The No.1 Website for Pro Audio
 Search This Thread  Search This Forum  Search Reviews  Search Gear Database  Search Gear for sale  Search Gearslutz Go Advanced
Input Compression vs Additive Compression
Old 15th September 2011
  #1
Here for the gear
 

Input Compression vs Additive Compression

Ok, so firstly I have to assume that "additive compression" means routing your DAW outputs to a compressor, then routing the compressor back into the DAW (DAW -> compressor -> DAW). Am I correct on this? If not, please correct me here and let me know the proper terminology!

That brings me to the real question... I've seen this post:
https://www.gearslutz.com/board/q-tch...on-mixing.html

So the question is this. Basically, what I want to know is the advantages and disadvantages of using compression on your input (eg mic pre -> compressor -> DAW), as opposed to adding the compression in afterwards (as described above)? Is anyone able to give me the run-down on this? Personally I'd love to get my tracks done and down and worry about compression etc later. The only downside I can see with additive is the extra DA - AD conversion - Which does mean the signal isn't as good as putting it on the analogue side before the DAW.

By the way, I'm talking solely about analogue hardware compression - Not plugins/software.

The same question goes for EQ etc - Or does it!?

Thanks!
Old 15th September 2011
  #2
Lives for gear
 

I'm not going to get into your terms, but the idea of compressing on the way in verses compressing multiple tracks or groups of tracks: Compression, in the old days, was done to keep the signal within the dynamic range of the recording medium. That is no longer an issue. It was also done because any studio had a limited number of compressors.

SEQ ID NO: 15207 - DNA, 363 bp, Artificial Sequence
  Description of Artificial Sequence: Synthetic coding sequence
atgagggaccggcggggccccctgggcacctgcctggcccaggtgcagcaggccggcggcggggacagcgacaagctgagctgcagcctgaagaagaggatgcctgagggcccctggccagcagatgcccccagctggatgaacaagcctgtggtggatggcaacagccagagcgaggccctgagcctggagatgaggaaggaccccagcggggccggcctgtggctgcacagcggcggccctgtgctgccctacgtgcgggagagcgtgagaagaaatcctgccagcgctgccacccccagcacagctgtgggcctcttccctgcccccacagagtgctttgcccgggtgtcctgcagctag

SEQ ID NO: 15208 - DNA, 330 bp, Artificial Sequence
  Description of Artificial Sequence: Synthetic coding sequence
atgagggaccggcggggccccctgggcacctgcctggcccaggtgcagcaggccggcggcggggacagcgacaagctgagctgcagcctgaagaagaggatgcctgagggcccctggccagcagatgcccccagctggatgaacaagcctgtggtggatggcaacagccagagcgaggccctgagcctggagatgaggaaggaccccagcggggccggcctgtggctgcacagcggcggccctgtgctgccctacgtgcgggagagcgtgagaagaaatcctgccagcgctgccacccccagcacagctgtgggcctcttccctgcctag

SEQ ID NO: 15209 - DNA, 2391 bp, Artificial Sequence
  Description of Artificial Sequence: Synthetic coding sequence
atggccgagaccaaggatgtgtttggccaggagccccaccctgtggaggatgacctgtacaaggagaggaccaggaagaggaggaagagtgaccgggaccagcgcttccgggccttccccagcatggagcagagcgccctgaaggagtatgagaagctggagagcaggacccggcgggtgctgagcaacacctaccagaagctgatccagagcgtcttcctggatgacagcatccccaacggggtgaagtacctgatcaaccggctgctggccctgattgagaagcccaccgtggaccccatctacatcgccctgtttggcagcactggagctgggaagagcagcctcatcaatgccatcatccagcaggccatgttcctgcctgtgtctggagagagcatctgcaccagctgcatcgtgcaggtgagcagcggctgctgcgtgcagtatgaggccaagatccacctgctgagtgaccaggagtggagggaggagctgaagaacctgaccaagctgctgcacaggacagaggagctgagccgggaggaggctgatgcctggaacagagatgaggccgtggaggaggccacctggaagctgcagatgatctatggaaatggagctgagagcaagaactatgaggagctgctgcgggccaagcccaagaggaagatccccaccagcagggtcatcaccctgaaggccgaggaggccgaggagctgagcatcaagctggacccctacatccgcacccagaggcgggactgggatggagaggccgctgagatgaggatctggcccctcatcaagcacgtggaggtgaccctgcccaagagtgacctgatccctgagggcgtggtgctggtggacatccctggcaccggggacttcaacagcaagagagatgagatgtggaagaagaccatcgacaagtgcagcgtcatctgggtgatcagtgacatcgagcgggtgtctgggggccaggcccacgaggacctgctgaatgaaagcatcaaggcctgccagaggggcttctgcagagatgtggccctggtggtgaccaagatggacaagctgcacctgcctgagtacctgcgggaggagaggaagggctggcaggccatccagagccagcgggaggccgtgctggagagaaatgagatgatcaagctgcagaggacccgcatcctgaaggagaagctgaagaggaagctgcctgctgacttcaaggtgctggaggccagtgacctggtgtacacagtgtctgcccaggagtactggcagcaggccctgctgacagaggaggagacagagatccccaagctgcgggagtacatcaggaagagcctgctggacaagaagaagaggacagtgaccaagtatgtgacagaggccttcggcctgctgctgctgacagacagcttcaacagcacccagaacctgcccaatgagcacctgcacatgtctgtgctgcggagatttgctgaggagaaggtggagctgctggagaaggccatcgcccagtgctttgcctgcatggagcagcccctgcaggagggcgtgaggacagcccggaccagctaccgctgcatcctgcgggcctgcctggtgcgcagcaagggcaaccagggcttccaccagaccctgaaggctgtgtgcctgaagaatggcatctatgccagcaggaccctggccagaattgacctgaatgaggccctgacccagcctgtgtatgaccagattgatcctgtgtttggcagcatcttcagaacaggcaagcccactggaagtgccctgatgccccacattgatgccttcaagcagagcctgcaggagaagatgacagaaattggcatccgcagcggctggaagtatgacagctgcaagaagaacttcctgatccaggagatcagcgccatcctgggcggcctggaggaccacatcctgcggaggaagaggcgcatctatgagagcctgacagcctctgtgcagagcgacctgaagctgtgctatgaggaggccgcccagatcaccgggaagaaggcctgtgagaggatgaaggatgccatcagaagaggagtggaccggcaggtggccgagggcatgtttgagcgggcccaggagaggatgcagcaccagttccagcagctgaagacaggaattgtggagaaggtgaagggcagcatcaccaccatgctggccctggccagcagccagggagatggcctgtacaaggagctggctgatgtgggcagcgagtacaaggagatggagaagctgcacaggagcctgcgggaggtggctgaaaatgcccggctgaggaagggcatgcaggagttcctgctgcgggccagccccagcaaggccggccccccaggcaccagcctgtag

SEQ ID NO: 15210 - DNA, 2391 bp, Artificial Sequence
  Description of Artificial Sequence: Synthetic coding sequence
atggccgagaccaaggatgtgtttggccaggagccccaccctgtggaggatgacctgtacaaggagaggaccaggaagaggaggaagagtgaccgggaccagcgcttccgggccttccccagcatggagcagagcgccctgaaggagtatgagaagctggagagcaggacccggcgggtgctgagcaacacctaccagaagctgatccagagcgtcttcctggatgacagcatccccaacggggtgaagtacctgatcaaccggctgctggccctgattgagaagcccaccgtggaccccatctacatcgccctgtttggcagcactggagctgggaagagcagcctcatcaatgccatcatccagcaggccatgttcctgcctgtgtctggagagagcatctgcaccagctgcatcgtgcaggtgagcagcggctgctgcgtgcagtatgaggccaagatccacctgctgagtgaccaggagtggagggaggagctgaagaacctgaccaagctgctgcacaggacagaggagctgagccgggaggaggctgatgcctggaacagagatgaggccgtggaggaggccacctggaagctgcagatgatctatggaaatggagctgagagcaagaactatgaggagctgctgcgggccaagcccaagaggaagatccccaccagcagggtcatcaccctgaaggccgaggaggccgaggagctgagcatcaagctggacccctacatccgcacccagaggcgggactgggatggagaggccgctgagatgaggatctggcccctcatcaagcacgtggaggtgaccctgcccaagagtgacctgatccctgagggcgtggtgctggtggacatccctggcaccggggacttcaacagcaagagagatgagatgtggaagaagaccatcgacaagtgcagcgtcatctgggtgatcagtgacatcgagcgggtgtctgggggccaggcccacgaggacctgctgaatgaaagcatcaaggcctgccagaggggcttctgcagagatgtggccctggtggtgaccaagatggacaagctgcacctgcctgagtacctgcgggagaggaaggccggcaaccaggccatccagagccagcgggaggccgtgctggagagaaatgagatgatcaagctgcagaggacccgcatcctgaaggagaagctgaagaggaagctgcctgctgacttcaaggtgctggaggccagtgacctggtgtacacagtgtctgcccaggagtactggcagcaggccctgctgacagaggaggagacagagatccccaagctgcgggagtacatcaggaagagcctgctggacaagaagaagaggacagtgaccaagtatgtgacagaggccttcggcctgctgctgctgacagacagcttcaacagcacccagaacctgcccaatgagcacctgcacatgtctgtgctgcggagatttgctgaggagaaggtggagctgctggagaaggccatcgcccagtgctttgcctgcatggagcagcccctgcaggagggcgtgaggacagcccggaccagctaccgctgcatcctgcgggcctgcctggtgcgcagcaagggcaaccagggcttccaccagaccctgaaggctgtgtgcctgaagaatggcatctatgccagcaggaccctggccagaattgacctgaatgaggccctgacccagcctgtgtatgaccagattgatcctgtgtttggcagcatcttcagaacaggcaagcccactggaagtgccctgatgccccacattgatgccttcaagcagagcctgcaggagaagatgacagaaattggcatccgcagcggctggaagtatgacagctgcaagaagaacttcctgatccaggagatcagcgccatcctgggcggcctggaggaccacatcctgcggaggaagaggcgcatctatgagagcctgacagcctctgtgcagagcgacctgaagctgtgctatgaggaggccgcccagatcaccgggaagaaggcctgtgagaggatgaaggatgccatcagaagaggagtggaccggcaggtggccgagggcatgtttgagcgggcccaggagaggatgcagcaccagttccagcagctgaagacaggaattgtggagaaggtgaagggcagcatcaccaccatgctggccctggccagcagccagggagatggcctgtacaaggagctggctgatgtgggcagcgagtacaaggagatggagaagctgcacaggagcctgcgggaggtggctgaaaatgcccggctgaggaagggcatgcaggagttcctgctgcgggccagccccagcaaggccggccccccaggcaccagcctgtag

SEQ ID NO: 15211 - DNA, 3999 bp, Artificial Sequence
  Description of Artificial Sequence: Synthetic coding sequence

You no longer have to compress on the way in to protect the signal quality, and you can have as many instances of a plug in compressor as you need.

So the only reason to use a compressor on the way in today is because you have a hardware compressor and you like the mojo it offers to the signal... less of a compressor in this case, more of an effect.

You are free to add as much compression as you need in mixdown, and it can be done in context, either to individual tracks, groups of tracks, or (and) the whole mix.

The thing about different recording techniques... they are mostly tools, not rules or religions. Use what works in a given situation.
Post Reply

Welcome to the Gearslutz Pro Audio Community!

Registration benefits include:
  • The ability to reply to and create new discussions
  • Access to members-only giveaways & competitions
  • Interact with VIP industry experts in our guest Q&As
  • Access to members-only sub forum discussions
  • Access to members-only Chat Room
  • Get INSTANT ACCESS to the world's best private pro audio Classifieds for only USD $20/year
  • Promote your eBay auctions and Reverb.com listings for free
  • Remove this message!
You need an account to post a reply. Create a username and password below and an account will be created and your post entered.


 
 
Slide to join now Processing…
Thread Tools
Search this Thread
Search this Thread:

Advanced Search
Forum Jump
Forum Jump